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Dwyer, Peggy (2005). Sentencing Aboriginal Offenders: The Future of Indigenous Justice Models. Paper presented at the 19th International Conference of the International Society for the Reform of Criminal Law, Edinburgh, Scotland, June 26-30. Downloaded 14 November 2005.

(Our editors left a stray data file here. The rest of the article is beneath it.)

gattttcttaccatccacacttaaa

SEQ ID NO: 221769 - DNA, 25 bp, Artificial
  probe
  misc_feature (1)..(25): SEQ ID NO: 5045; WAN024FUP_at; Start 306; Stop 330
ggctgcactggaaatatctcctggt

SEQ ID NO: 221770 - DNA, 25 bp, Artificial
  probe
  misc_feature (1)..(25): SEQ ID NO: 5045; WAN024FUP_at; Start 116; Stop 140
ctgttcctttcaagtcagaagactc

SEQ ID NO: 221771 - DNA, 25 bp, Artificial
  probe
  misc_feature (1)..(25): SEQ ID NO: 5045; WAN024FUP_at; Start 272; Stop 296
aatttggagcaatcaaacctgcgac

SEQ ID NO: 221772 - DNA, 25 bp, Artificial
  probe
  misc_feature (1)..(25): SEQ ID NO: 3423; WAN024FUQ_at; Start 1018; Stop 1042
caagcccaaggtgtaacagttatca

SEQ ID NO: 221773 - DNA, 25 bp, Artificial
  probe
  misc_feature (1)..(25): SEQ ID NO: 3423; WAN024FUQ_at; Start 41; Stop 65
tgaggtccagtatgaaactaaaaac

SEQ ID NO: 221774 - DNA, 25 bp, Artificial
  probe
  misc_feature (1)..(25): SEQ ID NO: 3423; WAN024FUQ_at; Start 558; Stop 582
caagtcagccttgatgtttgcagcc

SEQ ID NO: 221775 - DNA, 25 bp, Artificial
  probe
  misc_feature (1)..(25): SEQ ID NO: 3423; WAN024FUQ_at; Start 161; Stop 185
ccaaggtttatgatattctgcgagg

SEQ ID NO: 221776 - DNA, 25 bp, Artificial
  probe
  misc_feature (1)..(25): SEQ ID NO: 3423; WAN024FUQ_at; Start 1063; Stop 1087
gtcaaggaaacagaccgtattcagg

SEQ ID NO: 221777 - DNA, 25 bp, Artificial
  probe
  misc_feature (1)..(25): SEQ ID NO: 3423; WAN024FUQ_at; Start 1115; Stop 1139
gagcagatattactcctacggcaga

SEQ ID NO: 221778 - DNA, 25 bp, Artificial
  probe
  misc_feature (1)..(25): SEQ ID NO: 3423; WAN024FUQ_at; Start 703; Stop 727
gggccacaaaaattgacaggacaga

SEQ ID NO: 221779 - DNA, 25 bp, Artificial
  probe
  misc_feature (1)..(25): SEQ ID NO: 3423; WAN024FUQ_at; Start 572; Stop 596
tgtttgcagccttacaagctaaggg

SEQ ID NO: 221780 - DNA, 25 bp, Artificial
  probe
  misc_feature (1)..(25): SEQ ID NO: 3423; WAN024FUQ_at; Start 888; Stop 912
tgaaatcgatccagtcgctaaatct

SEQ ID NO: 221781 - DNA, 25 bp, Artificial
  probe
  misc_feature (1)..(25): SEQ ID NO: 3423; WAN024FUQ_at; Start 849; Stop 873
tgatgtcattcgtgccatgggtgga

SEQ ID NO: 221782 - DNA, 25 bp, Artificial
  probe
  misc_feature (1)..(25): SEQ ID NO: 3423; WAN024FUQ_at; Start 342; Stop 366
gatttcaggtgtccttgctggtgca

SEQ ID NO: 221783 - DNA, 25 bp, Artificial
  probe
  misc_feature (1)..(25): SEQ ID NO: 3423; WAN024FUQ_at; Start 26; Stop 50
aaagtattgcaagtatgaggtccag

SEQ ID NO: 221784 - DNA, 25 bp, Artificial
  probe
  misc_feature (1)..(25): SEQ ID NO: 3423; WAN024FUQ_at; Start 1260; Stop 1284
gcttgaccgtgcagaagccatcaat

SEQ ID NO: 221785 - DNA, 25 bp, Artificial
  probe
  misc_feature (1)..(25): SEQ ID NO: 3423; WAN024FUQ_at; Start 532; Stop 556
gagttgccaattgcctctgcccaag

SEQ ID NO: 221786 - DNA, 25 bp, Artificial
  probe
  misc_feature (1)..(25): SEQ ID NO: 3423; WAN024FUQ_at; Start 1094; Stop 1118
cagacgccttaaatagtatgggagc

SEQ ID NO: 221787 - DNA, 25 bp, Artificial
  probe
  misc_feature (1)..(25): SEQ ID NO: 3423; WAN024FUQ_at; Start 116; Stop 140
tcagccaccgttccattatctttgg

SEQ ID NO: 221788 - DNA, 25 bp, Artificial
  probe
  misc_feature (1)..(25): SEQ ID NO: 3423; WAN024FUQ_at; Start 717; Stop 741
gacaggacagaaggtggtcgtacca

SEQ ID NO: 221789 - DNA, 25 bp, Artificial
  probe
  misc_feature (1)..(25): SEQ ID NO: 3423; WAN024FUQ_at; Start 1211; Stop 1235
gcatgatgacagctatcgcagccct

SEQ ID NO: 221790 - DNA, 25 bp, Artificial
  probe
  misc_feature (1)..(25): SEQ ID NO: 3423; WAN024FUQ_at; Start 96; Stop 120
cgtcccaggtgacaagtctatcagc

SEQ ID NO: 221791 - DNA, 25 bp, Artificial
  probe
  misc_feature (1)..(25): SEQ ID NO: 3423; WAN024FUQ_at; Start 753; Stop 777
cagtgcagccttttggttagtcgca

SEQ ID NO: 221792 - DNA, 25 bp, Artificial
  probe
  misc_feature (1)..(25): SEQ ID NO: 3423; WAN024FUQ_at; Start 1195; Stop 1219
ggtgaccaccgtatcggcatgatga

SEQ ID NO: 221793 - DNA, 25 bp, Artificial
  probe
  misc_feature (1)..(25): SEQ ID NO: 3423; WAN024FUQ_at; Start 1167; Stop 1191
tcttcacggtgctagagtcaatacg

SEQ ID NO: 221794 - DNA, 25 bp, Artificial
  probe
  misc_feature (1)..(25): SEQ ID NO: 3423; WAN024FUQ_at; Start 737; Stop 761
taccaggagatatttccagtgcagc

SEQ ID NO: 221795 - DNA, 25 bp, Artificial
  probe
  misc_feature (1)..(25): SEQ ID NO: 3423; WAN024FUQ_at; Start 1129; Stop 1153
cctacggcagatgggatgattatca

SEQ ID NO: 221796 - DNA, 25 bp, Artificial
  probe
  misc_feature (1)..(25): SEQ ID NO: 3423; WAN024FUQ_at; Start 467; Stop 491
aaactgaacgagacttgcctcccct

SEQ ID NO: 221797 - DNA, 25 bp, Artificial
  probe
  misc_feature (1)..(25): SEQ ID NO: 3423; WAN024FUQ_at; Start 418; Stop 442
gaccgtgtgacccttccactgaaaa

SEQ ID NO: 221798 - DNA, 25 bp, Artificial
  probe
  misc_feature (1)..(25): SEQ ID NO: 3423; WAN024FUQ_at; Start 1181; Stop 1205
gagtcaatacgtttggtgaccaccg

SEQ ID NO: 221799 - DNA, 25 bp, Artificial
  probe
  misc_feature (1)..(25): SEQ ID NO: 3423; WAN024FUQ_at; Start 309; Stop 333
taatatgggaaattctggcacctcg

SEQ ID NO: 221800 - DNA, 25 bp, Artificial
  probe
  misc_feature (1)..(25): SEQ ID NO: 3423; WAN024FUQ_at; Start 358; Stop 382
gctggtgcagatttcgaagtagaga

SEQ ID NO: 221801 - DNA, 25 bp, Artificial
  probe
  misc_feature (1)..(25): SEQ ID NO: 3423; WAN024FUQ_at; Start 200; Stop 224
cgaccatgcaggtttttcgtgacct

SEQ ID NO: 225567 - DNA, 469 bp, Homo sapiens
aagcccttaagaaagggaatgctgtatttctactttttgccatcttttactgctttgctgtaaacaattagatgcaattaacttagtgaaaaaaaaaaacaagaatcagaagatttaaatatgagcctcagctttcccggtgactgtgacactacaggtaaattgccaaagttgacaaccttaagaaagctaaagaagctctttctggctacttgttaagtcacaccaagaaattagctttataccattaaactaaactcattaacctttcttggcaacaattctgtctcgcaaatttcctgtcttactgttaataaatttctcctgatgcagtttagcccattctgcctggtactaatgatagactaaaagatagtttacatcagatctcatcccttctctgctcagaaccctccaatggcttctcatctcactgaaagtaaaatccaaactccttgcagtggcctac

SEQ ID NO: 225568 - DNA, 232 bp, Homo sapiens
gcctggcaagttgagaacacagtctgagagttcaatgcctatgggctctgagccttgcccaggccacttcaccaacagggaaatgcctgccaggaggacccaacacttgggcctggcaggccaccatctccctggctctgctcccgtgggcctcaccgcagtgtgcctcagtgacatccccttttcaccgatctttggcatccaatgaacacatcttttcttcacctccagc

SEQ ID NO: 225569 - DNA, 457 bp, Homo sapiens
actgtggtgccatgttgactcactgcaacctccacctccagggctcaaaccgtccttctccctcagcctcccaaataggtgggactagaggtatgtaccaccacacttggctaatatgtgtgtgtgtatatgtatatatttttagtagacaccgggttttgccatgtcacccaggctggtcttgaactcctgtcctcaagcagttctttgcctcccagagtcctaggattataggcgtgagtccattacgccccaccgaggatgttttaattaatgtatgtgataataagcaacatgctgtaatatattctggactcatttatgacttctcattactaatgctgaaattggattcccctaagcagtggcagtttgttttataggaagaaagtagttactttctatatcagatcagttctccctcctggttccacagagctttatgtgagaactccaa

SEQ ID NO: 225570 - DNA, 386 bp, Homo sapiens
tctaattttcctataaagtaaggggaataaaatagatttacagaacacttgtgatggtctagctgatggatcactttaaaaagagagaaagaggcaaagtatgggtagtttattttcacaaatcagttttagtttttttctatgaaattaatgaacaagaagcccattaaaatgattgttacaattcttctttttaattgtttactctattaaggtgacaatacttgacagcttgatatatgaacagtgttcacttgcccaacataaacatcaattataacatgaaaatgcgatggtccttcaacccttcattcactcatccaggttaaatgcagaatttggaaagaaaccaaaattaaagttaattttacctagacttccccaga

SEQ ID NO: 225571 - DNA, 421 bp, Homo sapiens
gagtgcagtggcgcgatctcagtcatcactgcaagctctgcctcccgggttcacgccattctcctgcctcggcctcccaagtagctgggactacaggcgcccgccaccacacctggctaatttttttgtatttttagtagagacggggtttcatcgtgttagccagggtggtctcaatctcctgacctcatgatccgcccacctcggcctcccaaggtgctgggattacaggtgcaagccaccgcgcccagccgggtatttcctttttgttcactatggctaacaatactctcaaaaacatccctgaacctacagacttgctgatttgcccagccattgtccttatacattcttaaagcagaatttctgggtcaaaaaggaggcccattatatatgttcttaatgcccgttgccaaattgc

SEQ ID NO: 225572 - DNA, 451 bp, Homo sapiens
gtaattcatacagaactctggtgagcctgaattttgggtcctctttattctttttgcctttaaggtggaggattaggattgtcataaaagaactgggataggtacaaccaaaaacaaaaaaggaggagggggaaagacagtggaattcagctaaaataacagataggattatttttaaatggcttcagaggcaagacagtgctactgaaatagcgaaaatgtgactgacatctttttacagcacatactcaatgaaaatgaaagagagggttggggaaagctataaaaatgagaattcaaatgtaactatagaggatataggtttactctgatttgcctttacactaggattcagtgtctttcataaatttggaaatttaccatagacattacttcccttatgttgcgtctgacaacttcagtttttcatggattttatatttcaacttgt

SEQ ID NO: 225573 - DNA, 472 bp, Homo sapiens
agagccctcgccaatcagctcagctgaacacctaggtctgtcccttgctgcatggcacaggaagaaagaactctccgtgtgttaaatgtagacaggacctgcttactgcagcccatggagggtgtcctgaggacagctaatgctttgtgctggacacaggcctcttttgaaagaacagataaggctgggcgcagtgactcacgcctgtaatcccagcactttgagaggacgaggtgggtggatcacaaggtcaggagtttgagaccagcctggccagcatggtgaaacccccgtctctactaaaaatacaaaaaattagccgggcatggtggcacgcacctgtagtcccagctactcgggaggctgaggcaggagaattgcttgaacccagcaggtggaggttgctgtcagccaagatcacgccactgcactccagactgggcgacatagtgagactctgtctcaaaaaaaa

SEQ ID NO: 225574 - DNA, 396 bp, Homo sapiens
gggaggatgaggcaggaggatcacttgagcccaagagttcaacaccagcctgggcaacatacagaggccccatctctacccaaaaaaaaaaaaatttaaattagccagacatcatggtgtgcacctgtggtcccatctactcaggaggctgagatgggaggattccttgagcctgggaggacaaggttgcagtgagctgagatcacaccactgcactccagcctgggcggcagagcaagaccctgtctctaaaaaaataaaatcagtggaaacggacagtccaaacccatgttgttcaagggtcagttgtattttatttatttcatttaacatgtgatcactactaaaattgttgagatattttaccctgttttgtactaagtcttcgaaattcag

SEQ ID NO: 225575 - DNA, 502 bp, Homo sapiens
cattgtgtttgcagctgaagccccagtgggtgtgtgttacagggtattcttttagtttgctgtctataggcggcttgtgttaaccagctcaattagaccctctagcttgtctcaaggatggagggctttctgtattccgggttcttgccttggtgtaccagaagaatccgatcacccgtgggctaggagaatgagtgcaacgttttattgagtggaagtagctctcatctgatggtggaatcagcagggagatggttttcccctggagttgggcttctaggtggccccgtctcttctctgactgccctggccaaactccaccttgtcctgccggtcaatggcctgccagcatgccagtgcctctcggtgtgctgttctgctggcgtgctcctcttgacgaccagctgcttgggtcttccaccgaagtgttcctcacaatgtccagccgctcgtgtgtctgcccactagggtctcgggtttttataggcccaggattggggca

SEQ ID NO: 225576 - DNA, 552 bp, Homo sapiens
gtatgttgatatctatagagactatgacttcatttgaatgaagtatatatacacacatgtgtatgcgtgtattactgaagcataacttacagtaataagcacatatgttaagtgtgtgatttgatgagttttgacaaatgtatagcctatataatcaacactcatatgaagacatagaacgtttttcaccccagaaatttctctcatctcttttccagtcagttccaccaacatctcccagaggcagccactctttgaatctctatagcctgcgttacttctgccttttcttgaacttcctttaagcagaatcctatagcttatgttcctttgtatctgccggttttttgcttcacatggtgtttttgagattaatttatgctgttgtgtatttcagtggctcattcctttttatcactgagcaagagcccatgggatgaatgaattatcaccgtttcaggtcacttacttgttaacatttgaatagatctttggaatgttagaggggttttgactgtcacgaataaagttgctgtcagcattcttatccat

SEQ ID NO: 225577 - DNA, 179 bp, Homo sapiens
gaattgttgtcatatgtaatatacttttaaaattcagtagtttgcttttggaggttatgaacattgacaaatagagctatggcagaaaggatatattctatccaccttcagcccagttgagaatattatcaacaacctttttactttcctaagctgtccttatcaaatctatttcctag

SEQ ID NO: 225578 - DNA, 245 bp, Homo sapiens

At the end of the 20th century, Australia’s first Aboriginal court was established to sentence indigenous offenders. Over the last 6 years, a number of different courts, in most of our States and Territories, have become operational. While their style and set up differs to accommodate the interests of the local community, the broader aims are the same - to create a distinct culturally appropriate tribunal in which to sentence indigenous offenders, that will increase the involvement of the offender and the local community in the decision making process. The primary purpose of this paper is to explore two existing indigenous justice models - Aboriginal Courts and circle sentencing courts - and to suggest ways in which they may be expanded in the future, both geographically and in scope. (excerpt)


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